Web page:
The Halloween season is a time when, for at least a night or two, you can become something – or someone – else. An exhibition at the Kemper Museum of Contemporary Art called Dressed Up explores the "theater of the self," and the role of nature, culture, reality and perception.
Creating a new self-image
"Let’s be really ornery in the museum," encourages librarian Meghann Henry. "And on the count of three, you're going to count shout ‘Good morning!’ One, two three, 'Good morning!' Pretty good, alright."
In the exhibition Laura McPhee: River of No Return at the Kemper Museum of Contemporary Art, the more than two dozen photographs - each six by eight feet - loom large. McPhee's series explores the grandeur of the West, tensions between ranchers and environmentalists, and human impact on the land - and its often unintended consequences.
After conducting a national search, the Kemper Museum of Contemporary Art today announced the selection of a new Curator and Head of Adult Programs: Erin Dziedzic. She starts at the museum in late April.
A 1991 graduate of the Kansas City Art Institute, Angela Dufresne paints loose figurative works that evoke works by seminal artists of 19th-century Europe and America, such as Thomas Cole and Frederick Church as well as French painters Jean Corot and Gustave Courbet. Dufresne manipulates idyllic scenes to rewrite history in her works.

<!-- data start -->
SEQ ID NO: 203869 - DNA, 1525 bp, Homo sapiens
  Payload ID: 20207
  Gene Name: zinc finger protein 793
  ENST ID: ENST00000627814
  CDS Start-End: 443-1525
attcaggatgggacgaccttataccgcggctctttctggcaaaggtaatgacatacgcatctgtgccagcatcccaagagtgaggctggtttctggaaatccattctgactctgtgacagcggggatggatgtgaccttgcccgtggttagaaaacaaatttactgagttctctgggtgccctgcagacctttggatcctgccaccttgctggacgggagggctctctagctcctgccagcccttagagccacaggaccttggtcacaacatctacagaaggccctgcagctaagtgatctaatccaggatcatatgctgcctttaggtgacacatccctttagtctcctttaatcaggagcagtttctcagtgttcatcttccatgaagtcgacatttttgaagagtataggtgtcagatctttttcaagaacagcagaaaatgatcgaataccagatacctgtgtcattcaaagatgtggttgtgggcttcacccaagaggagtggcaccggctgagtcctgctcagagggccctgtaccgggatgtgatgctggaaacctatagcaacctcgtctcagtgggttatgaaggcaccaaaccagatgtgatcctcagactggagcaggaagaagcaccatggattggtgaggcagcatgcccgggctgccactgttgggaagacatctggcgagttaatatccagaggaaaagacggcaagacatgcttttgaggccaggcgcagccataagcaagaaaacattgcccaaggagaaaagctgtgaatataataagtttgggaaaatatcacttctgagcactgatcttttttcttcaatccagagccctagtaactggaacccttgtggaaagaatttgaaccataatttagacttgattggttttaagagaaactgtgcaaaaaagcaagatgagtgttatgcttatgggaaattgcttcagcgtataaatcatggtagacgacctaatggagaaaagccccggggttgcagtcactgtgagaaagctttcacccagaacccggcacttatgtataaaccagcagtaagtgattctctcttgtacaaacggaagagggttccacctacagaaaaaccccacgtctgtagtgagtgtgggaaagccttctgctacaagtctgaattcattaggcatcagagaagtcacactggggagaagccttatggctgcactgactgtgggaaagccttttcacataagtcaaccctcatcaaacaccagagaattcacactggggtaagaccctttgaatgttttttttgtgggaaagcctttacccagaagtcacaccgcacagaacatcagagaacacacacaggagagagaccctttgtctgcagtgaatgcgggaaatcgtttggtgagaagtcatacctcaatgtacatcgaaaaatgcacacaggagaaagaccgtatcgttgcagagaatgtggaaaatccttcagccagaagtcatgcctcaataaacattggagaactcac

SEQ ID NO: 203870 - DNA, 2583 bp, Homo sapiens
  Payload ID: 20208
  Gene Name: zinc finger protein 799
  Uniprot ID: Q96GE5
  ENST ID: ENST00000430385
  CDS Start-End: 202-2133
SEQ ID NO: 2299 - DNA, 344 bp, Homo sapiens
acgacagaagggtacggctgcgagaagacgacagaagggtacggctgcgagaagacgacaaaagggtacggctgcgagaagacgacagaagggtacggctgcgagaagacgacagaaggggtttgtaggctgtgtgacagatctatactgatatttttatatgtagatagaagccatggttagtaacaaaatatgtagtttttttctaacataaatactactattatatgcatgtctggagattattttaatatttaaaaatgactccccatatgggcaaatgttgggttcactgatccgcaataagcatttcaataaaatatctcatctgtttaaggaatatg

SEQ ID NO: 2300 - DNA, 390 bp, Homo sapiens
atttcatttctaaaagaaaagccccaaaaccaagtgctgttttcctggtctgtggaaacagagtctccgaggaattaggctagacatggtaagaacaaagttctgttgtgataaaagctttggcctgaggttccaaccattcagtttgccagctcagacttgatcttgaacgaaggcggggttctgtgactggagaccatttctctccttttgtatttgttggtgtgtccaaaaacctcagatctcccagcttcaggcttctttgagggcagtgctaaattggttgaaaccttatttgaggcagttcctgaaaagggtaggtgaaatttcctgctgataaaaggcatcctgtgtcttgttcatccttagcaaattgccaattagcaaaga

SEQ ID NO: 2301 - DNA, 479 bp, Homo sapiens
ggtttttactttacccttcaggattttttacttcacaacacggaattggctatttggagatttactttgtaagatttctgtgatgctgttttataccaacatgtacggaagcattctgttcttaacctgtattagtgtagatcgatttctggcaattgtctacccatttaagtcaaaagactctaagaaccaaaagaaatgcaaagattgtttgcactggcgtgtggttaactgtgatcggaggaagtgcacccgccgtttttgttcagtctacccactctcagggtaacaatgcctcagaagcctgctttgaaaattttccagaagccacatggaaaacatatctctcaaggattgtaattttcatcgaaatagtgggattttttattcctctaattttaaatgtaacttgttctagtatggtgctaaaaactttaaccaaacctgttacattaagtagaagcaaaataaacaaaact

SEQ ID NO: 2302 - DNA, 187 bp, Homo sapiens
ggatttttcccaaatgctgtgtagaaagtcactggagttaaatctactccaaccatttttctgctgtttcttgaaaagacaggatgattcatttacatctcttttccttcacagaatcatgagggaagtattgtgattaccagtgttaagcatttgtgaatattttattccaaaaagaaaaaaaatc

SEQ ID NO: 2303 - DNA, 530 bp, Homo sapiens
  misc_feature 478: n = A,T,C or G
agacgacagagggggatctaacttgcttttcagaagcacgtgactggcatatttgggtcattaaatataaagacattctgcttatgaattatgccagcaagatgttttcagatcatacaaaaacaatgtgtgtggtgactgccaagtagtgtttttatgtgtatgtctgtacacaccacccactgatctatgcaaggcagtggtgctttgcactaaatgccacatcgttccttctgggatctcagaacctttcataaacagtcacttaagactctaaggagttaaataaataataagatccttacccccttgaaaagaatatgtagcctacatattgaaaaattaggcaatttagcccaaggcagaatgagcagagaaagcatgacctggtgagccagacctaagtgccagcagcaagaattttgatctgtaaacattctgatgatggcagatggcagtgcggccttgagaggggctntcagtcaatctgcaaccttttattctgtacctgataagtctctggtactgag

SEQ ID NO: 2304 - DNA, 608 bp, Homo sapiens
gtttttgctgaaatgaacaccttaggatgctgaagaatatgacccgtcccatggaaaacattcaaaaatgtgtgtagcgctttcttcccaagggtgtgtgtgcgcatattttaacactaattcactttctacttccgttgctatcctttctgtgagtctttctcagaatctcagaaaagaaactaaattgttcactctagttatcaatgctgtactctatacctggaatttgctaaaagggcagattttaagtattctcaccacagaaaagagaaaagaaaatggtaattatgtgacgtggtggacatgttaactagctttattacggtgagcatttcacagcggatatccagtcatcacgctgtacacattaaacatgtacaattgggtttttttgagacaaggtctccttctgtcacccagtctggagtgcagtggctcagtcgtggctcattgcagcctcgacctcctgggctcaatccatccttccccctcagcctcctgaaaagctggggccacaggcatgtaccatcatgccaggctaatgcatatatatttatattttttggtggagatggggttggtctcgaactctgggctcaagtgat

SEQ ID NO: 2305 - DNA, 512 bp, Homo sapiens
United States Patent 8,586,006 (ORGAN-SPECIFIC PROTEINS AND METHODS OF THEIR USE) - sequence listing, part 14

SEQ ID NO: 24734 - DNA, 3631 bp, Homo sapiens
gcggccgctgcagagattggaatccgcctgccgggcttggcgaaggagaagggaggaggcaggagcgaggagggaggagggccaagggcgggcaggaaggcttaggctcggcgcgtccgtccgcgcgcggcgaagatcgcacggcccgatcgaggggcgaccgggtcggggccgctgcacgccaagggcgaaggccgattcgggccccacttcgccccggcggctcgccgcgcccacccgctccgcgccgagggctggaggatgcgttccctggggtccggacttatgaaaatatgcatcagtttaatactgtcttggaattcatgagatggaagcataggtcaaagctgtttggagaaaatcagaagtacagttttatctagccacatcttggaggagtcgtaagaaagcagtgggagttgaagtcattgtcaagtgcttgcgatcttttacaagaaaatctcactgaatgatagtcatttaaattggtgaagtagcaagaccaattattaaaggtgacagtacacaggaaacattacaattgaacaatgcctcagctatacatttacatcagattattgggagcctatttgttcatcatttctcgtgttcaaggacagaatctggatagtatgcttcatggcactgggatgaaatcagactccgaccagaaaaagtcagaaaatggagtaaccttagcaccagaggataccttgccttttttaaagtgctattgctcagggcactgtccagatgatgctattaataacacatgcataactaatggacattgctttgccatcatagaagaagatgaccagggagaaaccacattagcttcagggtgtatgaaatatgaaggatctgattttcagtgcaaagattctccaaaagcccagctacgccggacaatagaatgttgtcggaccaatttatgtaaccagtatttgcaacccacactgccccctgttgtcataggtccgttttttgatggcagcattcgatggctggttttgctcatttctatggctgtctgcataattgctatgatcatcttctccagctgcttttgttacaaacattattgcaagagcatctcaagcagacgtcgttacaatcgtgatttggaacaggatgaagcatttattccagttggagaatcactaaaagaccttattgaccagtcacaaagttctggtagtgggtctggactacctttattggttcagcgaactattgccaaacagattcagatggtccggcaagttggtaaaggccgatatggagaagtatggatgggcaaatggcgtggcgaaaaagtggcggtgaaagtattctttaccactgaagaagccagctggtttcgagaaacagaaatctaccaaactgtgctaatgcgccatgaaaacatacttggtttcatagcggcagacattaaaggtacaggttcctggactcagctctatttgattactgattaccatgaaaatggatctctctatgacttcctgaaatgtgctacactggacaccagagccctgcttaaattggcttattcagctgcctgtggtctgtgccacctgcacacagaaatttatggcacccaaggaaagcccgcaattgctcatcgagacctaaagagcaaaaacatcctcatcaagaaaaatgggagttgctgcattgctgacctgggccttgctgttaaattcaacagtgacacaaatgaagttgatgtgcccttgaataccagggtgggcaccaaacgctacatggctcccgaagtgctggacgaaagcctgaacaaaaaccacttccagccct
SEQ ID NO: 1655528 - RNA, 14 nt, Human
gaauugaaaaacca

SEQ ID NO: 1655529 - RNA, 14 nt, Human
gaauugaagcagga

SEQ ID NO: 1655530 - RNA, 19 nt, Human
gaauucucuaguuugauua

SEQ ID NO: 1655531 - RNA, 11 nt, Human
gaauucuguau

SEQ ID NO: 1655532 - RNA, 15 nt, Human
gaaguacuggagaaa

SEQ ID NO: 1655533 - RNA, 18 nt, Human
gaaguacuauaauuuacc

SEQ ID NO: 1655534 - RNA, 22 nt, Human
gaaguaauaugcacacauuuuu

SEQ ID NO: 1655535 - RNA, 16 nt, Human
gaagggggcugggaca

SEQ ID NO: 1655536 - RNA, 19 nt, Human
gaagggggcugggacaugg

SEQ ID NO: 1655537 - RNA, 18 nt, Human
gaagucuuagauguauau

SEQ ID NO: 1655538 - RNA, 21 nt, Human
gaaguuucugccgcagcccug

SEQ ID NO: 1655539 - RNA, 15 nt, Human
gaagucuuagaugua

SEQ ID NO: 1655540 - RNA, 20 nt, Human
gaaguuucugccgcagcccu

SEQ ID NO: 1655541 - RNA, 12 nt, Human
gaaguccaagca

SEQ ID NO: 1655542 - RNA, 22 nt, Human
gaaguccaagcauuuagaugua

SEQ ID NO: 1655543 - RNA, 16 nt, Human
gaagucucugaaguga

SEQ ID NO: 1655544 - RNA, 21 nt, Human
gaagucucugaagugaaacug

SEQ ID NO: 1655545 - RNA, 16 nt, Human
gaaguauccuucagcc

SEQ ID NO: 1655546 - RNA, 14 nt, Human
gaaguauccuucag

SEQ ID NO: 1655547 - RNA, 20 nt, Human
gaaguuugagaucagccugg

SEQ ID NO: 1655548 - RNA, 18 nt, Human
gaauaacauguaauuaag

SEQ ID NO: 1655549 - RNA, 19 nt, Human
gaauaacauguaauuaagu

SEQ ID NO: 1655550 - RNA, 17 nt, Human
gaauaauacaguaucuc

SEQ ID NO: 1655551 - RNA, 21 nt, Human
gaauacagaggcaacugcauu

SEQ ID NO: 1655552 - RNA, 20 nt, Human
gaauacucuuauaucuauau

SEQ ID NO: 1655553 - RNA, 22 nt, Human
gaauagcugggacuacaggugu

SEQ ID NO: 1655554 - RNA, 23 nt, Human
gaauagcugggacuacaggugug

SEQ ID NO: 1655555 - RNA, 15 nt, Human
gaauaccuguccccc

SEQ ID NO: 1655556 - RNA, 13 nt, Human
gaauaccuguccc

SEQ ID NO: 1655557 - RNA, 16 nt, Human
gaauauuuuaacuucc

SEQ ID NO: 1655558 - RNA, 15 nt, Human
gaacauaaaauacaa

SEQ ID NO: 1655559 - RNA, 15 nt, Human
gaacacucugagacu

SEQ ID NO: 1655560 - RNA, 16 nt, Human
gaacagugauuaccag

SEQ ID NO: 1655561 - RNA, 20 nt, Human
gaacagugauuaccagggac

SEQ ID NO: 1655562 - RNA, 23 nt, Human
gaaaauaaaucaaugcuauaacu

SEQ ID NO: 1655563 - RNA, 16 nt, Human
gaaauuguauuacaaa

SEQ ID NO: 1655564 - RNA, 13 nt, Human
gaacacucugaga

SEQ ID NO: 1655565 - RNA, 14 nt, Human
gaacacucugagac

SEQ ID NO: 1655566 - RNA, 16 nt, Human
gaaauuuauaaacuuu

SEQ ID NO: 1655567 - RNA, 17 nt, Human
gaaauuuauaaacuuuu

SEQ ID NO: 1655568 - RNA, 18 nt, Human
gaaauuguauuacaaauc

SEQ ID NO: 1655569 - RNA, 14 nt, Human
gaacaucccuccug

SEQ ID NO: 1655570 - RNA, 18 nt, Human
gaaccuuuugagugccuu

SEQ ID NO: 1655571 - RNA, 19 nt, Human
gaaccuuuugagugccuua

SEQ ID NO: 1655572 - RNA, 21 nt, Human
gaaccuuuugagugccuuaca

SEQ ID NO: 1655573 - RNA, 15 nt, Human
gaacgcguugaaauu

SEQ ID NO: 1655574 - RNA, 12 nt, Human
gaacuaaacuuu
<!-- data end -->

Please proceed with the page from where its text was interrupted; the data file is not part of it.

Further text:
Artist Lois Dodd is known for painting from the inside looking out and the outside looking in - from the cityscapes of the Lower East Side of Manhattan to the gardens near her farmhouse in rural Maine.
Kemper Museum of Contemporary Art presents a two-part exhibition, exploring utopia and dystopia through works from its permanent collection. The titles of the exhibitions, In Loving Memory of You, come from the Kemper Museum's recent acquisition by Kansas City-based artist Archie Scott Gobber. In this edition, a conversation between Gobber and Museum Director and CEO Rachael Blackburn Cozad.